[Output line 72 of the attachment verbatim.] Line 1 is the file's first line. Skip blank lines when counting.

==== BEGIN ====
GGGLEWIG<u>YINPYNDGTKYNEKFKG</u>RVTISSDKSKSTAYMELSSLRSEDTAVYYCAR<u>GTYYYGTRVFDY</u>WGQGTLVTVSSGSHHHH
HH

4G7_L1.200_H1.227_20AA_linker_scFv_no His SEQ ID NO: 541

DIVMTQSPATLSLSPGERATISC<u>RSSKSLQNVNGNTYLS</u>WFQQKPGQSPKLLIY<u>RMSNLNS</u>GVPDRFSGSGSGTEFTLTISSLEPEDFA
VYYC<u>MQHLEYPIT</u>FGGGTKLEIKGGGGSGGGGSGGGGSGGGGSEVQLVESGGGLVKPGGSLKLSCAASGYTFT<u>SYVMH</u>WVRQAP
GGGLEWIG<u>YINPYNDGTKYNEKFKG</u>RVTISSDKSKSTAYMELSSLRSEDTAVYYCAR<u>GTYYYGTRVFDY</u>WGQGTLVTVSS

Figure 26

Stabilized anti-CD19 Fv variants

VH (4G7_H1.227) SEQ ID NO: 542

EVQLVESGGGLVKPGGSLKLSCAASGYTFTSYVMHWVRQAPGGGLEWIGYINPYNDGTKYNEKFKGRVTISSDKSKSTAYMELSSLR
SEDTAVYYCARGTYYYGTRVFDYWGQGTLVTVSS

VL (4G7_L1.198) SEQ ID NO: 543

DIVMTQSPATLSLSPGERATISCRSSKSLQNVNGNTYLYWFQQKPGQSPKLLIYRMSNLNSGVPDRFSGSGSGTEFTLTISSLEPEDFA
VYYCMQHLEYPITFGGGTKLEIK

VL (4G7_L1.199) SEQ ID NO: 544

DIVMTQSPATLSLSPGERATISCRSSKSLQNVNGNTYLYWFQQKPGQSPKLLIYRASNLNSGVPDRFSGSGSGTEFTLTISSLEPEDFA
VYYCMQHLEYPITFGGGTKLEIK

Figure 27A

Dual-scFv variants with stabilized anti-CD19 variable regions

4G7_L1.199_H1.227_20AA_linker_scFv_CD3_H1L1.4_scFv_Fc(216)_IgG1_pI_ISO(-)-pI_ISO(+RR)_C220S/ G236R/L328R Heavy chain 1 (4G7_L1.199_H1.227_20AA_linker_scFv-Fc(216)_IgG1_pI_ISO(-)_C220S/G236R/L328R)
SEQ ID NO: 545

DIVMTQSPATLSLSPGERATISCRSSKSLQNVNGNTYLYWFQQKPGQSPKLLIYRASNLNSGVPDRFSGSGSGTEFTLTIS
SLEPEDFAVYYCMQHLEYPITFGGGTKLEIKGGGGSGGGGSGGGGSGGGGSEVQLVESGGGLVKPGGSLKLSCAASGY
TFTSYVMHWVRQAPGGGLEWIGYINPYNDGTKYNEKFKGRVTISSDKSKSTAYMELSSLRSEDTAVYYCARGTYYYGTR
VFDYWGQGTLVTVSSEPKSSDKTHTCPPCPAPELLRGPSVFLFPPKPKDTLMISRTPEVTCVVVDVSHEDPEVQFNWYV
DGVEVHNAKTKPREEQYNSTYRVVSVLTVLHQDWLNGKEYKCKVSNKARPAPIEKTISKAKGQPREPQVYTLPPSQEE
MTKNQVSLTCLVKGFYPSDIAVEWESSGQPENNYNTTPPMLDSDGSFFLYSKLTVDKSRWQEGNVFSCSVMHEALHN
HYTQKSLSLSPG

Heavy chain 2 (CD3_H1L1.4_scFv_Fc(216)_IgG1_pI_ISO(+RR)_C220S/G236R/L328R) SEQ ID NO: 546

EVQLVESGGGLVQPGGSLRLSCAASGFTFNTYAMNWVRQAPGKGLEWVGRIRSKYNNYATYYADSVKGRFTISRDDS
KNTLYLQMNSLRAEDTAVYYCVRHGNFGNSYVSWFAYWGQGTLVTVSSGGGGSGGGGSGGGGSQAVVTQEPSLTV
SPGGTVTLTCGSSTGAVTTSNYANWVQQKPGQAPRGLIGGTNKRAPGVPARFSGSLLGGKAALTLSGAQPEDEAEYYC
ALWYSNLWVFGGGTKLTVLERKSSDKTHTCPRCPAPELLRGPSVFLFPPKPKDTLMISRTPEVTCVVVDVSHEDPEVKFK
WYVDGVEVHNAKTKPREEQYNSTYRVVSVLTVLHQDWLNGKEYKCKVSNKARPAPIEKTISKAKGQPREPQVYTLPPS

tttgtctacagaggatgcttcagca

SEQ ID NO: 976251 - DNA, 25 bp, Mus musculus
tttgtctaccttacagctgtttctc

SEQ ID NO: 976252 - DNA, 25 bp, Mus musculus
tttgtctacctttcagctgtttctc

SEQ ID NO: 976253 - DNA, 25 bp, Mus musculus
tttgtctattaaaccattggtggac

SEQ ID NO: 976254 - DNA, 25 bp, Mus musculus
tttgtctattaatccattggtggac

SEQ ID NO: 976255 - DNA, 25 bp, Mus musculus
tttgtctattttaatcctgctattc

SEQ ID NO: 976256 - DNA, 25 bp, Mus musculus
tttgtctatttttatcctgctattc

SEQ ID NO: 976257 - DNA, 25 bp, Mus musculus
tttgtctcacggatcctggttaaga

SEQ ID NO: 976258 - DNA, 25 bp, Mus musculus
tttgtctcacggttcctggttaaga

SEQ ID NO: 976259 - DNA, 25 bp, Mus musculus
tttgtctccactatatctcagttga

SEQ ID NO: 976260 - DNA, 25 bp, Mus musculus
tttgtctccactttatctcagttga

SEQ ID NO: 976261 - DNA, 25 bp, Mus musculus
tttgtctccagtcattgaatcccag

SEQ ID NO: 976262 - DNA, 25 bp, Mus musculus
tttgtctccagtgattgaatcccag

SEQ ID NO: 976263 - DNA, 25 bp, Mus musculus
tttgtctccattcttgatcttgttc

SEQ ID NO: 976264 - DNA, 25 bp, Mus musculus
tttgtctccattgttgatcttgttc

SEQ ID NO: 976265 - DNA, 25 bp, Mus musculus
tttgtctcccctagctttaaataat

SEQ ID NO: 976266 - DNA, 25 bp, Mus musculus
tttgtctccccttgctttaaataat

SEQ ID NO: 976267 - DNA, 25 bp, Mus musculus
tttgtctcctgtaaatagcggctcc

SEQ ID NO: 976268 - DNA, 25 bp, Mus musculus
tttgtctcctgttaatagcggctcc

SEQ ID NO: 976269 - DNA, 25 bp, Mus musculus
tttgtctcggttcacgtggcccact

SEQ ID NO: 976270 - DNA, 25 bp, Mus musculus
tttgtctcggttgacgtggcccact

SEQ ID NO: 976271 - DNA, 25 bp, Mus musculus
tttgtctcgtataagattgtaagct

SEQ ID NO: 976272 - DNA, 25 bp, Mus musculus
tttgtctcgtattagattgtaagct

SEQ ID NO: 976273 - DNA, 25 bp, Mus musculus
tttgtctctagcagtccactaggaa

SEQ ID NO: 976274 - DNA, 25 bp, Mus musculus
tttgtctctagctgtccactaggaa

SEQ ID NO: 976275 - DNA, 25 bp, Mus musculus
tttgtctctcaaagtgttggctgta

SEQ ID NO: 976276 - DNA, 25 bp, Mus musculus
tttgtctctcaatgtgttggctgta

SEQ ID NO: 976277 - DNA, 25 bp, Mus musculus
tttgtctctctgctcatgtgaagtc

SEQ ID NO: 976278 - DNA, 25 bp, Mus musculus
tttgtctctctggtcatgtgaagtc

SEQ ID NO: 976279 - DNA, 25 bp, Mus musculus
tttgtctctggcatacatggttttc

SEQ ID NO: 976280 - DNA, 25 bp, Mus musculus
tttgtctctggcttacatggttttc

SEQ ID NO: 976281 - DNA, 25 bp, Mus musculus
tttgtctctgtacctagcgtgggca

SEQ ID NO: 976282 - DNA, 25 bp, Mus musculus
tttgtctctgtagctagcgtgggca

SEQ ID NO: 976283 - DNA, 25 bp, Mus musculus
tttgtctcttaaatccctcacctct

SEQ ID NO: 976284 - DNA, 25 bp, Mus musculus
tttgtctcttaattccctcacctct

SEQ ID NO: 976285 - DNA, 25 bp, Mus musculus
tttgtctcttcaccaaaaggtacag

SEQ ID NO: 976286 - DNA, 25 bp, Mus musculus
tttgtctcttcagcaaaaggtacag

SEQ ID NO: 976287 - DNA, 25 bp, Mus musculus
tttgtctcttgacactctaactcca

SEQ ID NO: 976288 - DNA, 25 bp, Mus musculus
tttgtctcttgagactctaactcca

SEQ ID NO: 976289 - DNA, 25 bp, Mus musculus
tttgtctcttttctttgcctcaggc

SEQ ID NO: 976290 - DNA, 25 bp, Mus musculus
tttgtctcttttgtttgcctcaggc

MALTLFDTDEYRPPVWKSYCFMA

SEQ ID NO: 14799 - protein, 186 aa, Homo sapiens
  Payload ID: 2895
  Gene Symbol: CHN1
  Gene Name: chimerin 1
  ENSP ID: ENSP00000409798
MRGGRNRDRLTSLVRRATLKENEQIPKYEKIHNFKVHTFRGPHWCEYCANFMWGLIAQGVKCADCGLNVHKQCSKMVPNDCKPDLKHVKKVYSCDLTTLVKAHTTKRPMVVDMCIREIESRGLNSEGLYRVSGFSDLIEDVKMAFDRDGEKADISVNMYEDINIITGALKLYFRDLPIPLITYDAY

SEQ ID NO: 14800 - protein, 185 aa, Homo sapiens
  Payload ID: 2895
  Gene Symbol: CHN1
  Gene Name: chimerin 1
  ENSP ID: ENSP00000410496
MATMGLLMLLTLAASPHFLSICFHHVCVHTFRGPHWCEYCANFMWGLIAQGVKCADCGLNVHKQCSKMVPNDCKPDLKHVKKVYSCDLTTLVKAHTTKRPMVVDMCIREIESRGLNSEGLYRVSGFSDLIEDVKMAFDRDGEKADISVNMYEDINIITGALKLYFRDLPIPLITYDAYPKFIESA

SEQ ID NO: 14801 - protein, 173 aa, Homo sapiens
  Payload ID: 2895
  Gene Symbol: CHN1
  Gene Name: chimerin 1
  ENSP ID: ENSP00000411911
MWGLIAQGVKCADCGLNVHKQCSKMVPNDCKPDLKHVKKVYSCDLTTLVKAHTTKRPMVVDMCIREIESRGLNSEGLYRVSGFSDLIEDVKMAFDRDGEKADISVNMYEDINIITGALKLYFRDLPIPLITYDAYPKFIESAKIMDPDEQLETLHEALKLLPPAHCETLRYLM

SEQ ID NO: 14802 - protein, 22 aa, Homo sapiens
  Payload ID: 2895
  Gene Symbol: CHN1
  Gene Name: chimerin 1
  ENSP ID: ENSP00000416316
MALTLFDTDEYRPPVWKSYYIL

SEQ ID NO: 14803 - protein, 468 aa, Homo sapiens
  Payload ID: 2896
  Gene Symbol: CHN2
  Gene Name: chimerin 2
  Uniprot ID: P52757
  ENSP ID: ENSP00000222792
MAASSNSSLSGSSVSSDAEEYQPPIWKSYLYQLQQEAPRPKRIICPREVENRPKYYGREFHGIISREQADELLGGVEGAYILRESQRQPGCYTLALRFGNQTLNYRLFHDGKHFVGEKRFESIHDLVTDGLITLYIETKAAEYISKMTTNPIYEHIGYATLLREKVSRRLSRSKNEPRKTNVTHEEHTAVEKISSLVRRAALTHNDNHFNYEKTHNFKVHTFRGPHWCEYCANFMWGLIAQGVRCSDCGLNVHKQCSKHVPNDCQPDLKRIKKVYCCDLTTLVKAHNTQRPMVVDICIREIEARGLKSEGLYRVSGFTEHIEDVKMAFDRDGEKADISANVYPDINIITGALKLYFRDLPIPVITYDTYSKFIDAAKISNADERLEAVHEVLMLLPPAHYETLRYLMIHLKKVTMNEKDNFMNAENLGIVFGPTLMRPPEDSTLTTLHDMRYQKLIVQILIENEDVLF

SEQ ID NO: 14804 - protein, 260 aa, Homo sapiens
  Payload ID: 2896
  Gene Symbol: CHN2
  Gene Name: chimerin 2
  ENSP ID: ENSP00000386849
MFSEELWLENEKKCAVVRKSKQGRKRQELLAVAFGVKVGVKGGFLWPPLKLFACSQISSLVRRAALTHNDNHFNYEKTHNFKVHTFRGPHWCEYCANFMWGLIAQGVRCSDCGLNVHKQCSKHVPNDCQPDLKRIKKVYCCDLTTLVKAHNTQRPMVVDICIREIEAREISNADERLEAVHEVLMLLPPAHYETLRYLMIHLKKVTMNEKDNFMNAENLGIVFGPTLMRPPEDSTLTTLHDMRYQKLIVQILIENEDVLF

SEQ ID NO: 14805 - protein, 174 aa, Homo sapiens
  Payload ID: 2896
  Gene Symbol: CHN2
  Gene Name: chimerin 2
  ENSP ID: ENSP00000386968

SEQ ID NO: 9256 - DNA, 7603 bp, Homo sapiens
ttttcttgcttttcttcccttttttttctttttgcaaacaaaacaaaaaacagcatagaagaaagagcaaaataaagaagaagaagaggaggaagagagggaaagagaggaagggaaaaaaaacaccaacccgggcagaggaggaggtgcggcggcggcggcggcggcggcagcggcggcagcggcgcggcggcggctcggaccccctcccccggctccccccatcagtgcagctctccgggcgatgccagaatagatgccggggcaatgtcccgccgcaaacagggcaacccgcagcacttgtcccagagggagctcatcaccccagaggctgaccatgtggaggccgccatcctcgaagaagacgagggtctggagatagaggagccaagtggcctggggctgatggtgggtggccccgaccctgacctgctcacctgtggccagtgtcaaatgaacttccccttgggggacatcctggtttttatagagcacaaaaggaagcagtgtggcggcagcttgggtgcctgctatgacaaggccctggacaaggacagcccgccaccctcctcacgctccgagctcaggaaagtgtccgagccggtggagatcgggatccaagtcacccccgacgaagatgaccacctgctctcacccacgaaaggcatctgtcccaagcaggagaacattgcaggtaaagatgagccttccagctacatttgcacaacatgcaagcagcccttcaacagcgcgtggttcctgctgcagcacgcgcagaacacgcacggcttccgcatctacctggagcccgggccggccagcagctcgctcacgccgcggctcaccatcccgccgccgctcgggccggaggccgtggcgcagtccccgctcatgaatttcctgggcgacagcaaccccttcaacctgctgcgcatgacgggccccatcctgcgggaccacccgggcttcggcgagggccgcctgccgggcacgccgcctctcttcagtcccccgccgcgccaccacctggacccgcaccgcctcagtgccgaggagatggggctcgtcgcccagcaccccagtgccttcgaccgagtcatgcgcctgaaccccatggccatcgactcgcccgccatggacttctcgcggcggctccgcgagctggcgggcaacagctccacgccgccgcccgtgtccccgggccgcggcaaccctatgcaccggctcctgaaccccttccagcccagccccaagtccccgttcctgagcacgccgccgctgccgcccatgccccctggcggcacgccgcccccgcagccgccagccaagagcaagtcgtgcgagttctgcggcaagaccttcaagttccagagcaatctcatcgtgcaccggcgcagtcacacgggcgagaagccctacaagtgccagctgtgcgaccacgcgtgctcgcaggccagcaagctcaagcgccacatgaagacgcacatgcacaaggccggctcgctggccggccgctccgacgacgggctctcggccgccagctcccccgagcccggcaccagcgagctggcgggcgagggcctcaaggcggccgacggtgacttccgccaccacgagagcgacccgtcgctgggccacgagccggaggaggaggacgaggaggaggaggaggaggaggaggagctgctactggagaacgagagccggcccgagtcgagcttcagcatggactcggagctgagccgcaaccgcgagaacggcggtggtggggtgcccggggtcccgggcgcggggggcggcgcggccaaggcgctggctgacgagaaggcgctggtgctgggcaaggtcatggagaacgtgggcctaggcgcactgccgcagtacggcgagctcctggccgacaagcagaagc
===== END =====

SEQ ID NO: 976269 - DNA, 25 bp, Mus musculus